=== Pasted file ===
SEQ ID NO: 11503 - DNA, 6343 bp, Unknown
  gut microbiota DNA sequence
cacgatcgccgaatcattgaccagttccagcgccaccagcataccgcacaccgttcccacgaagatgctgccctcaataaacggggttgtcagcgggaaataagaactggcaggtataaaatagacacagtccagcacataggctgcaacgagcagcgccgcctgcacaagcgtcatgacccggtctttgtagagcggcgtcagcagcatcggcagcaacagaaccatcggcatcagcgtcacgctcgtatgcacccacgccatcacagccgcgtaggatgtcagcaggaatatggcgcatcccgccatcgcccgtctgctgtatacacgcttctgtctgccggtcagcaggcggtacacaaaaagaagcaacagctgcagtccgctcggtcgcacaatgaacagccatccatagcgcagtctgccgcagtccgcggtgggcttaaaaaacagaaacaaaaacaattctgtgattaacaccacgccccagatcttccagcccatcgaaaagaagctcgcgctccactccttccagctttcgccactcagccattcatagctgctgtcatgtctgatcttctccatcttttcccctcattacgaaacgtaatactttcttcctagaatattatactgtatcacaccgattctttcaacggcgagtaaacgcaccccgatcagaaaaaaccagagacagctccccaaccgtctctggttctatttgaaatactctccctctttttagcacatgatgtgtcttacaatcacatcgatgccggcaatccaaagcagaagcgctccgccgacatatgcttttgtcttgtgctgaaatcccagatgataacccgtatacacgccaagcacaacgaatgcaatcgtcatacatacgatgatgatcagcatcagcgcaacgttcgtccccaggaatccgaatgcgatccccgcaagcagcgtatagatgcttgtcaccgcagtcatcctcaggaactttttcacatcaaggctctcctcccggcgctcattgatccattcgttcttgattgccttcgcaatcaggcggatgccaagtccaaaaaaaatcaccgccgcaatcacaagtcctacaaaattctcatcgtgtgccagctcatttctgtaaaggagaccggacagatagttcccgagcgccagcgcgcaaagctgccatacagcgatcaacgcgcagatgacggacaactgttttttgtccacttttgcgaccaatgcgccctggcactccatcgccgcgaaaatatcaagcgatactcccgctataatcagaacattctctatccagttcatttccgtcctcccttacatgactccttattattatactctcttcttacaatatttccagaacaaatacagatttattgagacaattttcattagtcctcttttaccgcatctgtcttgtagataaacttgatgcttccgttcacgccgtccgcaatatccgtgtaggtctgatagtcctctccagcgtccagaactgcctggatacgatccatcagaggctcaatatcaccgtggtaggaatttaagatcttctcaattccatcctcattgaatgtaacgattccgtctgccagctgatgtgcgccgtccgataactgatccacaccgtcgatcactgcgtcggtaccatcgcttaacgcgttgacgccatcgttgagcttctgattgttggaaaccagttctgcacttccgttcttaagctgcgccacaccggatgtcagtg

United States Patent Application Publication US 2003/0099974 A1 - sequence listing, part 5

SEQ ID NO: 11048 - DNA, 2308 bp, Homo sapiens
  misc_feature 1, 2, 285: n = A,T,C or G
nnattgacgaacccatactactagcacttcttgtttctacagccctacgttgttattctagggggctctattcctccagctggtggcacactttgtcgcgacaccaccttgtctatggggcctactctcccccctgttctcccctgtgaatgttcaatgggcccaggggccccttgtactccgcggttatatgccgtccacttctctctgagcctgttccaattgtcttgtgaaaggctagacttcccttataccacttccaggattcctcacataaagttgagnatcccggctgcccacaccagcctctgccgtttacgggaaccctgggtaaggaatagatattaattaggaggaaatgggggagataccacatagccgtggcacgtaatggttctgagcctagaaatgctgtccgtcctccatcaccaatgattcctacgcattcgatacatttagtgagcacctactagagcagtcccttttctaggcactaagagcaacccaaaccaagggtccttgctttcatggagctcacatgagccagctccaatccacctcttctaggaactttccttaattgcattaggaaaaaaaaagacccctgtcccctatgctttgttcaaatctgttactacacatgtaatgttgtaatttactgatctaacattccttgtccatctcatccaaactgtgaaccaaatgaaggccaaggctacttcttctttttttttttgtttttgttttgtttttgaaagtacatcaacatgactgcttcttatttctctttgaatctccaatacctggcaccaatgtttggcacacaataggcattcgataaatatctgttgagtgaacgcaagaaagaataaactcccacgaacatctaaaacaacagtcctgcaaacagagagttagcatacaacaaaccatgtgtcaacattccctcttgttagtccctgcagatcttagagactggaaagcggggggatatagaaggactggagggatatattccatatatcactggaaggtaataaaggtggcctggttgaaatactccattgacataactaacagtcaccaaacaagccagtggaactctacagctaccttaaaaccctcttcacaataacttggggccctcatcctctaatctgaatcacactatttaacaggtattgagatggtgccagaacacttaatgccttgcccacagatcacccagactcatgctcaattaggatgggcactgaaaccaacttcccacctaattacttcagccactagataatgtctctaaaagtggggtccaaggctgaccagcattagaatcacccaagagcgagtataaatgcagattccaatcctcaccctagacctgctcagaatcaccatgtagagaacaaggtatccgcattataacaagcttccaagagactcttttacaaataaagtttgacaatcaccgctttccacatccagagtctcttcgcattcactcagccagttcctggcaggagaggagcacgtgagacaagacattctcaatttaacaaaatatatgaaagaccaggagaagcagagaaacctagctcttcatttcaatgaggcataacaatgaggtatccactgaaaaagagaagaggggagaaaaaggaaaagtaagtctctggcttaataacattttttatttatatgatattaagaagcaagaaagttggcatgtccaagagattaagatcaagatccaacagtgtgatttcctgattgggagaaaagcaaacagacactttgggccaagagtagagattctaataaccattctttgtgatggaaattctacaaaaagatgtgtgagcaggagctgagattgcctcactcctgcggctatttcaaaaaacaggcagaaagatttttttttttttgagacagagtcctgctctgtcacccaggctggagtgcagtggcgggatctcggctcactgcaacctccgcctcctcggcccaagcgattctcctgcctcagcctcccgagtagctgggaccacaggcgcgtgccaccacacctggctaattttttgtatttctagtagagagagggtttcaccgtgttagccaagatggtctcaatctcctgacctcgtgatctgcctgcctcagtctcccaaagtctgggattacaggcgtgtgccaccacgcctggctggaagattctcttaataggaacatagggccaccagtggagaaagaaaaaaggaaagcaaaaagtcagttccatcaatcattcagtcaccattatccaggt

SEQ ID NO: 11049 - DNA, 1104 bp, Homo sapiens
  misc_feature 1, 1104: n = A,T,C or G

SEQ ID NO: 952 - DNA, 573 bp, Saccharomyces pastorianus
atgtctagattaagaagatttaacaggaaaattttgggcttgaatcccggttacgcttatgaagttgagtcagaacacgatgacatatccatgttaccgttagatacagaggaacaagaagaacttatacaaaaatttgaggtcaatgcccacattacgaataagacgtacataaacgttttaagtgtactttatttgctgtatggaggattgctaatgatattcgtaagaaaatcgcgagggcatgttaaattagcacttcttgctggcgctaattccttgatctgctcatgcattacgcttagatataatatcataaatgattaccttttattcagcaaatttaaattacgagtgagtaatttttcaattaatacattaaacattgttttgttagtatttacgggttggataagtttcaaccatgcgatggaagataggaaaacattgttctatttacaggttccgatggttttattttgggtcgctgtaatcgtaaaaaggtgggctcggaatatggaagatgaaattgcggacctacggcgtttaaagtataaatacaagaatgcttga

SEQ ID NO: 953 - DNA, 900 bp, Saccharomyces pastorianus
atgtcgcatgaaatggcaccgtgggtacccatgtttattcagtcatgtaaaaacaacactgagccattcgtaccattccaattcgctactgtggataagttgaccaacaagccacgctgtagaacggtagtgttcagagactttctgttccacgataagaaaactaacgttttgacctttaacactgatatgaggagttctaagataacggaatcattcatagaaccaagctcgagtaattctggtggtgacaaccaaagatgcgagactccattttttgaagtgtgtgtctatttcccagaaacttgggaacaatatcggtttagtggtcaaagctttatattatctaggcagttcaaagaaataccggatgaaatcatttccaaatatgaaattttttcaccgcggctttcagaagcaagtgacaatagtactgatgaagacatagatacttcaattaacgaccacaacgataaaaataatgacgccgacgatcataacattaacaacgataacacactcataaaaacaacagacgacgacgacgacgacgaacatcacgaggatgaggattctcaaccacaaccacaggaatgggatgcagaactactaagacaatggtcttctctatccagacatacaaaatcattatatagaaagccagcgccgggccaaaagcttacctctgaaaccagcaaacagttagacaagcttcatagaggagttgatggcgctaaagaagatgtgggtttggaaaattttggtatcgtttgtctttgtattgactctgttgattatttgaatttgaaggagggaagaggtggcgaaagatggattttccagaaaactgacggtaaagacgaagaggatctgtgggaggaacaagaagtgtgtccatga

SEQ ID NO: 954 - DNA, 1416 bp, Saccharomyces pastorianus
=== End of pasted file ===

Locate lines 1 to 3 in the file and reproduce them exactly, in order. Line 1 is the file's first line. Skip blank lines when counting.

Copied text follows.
SEQ ID NO: 11503 - DNA, 6343 bp, Unknown
  gut microbiota DNA sequence
cacgatcgccgaatcattgaccagttccagcgccaccagcataccgcacaccgttcccacgaagatgctgccctcaataaacggggttgtcagcgggaaataagaactggcaggtataaaatagacacagtccagcacataggctgcaacgagcagcgccgcctgcacaagcgtcatgacccggtctttgtagagcggcgtcagcagcatcggcagcaacagaaccatcggcatcagcgtcacgctcgtatgcacccacgccatcacagccgcgtaggatgtcagcaggaatatggcgcatcccgccatcgcccgtctgctgtatacacgcttctgtctgccggtcagcaggcggtacacaaaaagaagcaacagctgcagtccgctcggtcgcacaatgaacagccatccatagcgcagtctgccgcagtccgcggtgggcttaaaaaacagaaacaaaaacaattctgtgattaacaccacgccccagatcttccagcccatcgaaaagaagctcgcgctccactccttccagctttcgccactcagccattcatagctgctgtcatgtctgatcttctccatcttttcccctcattacgaaacgtaatactttcttcctagaatattatactgtatcacaccgattctttcaacggcgagtaaacgcaccccgatcagaaaaaaccagagacagctccccaaccgtctctggttctatttgaaatactctccctctttttagcacatgatgtgtcttacaatcacatcgatgccggcaatccaaagcagaagcgctccgccgacatatgcttttgtcttgtgctgaaatcccagatgataacccgtatacacgccaagcacaacgaatgcaatcgtcatacatacgatgatgatcagcatcagcgcaacgttcgtccccaggaatccgaatgcgatccccgcaagcagcgtatagatgcttgtcaccgcagtcatcctcaggaactttttcacatcaaggctctcctcccggcgctcattgatccattcgttcttgattgccttcgcaatcaggcggatgccaagtccaaaaaaaatcaccgccgcaatcacaagtcctacaaaattctcatcgtgtgccagctcatttctgtaaaggagaccggacagatagttcccgagcgccagcgcgcaaagctgccatacagcgatcaacgcgcagatgacggacaactgttttttgtccacttttgcgaccaatgcgccctggcactccatcgccgcgaaaatatcaagcgatactcccgctataatcagaacattctctatccagttcatttccgtcctcccttacatgactccttattattatactctcttcttacaatatttccagaacaaatacagatttattgagacaattttcattagtcctcttttaccgcatctgtcttgtagataaacttgatgcttccgttcacgccgtccgcaatatccgtgtaggtctgatagtcctctccagcgtccagaactgcctggatacgatccatcagaggctcaatatcaccgtggtaggaatttaagatcttctcaattccatcctcattgaatgtaacgattccgtctgccagctgatgtgcgccgtccgataactgatccacaccgtcgatcactgcgtcggtaccatcgcttaacgcgttgacgccatcgttgagcttctgattgttggaaaccagttctgcacttccgttcttaagctgcgccacaccggatgtcagtg